While typically a condition that develops in early childhood, amblyopia, or “lazy eye,” can impact patients of any age. Sometimes, adults may be aware of their condition but they may have never received appropriate treatment for it. Other times, parents notice the condition and bring it to their pediatrician’s attention to discuss possible solutions. With amblyopia, images from one eye are sometimes ignored from the brain, causing unwanted vision issues. The dominant eye performs extra work to compensate for the lazy eye, which in turn puts it at risk of future eye disorders and problems. In most cases, an early diagnosis and treatment is ideal before the patient reaches adulthood, as the condition, left untreated, can become permanent and impact one’s vision for life.
What are the signs and symptoms of amblyopia?
There are several symptoms that can indicate amblyopia, including:
- Obvious “lag” with one or both eyes when looking towards someone or changing direction of vision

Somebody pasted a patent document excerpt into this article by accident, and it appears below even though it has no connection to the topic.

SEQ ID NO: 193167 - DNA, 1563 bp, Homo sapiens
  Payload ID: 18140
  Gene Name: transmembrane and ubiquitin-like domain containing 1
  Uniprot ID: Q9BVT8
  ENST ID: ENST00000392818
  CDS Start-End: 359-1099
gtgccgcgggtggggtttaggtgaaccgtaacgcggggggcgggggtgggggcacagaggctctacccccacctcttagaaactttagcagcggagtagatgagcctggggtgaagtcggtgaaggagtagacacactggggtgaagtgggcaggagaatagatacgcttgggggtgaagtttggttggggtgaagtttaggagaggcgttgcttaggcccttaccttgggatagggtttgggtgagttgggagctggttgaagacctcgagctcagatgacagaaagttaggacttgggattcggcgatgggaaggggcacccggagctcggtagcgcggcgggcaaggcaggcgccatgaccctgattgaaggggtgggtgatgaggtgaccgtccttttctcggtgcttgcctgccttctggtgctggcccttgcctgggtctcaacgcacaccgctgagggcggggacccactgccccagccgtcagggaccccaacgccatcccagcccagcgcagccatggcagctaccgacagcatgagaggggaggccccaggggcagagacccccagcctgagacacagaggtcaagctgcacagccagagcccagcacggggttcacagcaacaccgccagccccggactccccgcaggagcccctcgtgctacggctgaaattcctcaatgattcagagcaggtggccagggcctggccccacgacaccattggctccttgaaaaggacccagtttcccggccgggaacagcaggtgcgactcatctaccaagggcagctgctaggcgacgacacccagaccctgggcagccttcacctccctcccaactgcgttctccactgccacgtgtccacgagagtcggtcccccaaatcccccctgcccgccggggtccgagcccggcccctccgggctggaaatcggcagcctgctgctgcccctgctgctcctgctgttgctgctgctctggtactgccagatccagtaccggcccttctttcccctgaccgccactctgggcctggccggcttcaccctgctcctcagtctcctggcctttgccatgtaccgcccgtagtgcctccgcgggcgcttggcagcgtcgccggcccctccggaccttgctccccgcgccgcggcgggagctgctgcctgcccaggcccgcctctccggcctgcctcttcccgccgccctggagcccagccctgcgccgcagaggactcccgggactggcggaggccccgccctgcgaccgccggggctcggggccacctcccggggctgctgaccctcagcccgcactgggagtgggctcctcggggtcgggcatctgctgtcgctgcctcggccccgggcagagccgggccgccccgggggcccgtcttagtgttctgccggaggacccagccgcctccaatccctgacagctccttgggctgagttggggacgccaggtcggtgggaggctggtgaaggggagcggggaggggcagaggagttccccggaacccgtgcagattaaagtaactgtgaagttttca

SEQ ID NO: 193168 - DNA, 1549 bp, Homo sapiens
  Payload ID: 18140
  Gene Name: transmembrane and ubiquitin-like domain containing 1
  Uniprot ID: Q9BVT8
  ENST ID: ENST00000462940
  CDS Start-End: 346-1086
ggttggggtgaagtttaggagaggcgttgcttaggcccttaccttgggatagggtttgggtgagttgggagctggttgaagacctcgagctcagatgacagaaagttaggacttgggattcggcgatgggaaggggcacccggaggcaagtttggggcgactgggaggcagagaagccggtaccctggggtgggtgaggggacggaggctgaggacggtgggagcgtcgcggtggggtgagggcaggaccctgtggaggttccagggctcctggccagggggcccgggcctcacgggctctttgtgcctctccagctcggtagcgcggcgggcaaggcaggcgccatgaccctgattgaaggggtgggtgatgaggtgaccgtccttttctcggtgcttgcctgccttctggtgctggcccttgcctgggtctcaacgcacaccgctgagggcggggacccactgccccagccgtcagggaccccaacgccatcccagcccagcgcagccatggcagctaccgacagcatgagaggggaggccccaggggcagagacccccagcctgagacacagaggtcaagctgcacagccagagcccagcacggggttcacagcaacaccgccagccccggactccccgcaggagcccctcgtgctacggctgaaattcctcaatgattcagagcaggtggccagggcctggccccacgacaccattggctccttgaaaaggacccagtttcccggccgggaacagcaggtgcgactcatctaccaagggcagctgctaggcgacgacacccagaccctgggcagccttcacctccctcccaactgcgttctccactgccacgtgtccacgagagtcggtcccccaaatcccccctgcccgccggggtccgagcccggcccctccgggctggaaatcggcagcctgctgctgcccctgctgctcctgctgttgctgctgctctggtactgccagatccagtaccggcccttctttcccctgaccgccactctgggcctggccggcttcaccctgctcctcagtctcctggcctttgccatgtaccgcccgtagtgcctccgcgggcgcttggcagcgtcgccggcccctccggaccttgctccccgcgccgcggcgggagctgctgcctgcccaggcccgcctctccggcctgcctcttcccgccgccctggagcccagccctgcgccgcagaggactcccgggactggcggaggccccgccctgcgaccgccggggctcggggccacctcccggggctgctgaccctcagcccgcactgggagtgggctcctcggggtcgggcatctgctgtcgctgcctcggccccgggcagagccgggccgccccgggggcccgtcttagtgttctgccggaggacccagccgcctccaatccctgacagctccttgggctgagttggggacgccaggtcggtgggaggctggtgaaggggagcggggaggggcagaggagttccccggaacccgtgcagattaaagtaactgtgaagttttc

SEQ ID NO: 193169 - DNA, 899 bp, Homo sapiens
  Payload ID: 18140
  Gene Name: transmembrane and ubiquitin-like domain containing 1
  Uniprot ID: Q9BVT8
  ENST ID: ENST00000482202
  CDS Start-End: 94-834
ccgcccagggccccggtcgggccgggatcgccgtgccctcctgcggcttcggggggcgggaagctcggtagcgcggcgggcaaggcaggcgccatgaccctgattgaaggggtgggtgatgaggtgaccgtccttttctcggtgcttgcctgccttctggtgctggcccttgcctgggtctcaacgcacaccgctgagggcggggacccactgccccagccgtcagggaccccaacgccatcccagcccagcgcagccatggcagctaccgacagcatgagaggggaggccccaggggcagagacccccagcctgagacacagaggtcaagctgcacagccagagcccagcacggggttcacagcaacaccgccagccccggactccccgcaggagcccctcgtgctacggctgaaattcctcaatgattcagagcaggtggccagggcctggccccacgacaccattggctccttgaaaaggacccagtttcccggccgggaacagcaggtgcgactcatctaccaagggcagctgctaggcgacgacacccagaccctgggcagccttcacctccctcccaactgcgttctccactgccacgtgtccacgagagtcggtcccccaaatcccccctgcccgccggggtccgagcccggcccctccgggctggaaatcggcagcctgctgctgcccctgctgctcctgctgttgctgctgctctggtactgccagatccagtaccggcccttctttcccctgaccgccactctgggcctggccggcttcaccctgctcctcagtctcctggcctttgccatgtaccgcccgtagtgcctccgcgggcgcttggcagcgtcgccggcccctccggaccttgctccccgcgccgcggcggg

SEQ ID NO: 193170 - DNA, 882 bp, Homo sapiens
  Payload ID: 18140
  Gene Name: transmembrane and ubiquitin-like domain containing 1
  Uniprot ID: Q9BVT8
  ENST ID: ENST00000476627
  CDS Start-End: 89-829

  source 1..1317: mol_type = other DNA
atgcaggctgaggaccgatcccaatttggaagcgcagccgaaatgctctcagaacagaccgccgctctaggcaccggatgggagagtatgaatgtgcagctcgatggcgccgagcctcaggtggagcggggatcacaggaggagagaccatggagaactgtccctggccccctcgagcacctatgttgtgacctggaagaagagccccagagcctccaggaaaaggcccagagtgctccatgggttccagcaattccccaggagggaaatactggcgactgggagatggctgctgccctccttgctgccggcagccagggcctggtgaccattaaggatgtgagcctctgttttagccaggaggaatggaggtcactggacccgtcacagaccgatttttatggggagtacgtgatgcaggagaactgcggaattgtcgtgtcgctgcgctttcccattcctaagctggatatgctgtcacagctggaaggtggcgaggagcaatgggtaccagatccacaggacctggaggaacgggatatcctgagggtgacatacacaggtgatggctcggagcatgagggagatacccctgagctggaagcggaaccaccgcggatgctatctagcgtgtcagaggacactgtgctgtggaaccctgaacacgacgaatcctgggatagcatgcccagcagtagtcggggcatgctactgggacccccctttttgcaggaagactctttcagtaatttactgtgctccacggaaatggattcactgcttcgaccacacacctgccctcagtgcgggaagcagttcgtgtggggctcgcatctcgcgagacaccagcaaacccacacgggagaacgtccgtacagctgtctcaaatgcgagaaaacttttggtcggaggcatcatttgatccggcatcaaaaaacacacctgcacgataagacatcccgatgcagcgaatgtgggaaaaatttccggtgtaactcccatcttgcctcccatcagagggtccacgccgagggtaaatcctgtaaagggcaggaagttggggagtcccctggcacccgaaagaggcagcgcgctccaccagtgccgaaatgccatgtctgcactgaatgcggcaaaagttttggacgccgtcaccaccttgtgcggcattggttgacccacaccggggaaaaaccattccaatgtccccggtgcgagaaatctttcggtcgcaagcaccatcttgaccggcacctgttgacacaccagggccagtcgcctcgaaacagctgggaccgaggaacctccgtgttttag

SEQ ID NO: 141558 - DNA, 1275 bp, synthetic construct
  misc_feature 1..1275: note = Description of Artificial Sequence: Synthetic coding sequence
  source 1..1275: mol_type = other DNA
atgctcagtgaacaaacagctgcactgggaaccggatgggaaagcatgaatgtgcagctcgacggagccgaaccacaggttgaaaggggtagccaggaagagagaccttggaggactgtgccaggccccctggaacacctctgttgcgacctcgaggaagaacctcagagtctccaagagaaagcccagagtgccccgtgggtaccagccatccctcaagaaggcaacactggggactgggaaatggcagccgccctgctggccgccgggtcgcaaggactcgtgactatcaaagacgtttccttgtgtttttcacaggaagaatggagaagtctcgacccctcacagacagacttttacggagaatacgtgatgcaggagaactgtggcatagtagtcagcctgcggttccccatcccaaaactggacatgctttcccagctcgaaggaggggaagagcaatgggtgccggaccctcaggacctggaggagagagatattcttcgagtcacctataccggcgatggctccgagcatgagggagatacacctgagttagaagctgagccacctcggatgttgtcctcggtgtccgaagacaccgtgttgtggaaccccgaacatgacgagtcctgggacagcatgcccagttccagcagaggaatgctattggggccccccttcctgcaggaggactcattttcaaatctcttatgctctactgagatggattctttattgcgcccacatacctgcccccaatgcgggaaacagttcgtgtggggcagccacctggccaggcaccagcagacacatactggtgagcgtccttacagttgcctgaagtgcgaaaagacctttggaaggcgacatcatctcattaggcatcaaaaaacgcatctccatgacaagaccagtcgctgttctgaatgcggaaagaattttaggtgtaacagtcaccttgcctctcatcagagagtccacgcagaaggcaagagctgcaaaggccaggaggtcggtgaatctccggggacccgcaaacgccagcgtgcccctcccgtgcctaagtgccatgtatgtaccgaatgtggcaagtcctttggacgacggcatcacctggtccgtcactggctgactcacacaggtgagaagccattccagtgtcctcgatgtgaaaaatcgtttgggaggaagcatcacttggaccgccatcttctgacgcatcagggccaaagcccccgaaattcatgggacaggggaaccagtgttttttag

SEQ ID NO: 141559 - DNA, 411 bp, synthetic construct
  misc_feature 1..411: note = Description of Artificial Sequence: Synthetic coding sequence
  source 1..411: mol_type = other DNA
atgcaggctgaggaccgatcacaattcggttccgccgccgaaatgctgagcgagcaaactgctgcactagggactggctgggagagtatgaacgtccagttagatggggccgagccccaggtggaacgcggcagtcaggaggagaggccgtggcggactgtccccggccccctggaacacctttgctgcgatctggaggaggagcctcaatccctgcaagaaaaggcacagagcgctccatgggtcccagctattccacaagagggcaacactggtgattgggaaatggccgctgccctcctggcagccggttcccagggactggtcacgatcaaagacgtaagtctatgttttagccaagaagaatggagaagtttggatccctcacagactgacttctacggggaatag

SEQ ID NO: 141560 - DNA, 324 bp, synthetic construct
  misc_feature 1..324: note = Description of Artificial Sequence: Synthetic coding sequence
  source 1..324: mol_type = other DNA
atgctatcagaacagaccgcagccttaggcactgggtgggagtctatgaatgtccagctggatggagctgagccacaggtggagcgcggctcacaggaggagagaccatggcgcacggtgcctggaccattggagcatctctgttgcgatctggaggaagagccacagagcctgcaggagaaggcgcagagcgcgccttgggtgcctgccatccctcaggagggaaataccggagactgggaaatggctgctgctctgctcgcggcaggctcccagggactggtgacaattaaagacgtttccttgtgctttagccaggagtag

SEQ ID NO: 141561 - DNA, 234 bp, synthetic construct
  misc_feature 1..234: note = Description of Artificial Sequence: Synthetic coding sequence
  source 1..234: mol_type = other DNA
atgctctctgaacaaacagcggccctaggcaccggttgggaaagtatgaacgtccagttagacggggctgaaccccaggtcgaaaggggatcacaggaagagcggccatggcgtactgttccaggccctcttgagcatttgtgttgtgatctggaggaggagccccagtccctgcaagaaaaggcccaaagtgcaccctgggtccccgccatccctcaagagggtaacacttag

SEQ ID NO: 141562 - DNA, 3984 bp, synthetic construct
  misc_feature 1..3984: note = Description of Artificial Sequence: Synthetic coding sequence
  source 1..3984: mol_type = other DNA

- Patients closing one eye or squinting to see clearer
- Poor depth and contrast perception
- Overall poor visual acuity from one or both eyes
To diagnose this condition, a doctor can physically evaluate a patient by testing each eye and blocking the other. Visual tests are used in determining the severity of the condition as well, and this information is used to educate the parents of a child with amblyopia about the treatment options that might be the most successful.
What treatment options are available for amblyopia?
The goal of treating amblyopia is to force the patient to utilize the weaker eye. The best way to achieve this in most cases is to have the patient wear an eye patch over the functioning eye to encourage more use of the “lazy eye.” This may be done intermittently or full-time for a specific period.
Connect with The Eye Care Institute today
Our doctors want what’s best for our patients to help them achieve and maintain healthy eyesight. If you have vision concerns that you want to address with the help of a professional, we encourage you to call (502) 589-1500 to request a consultation visit with our team. We are conveniently located at 1536 Story Avenue in Louisville, KY and our providers are accepting new patients and families.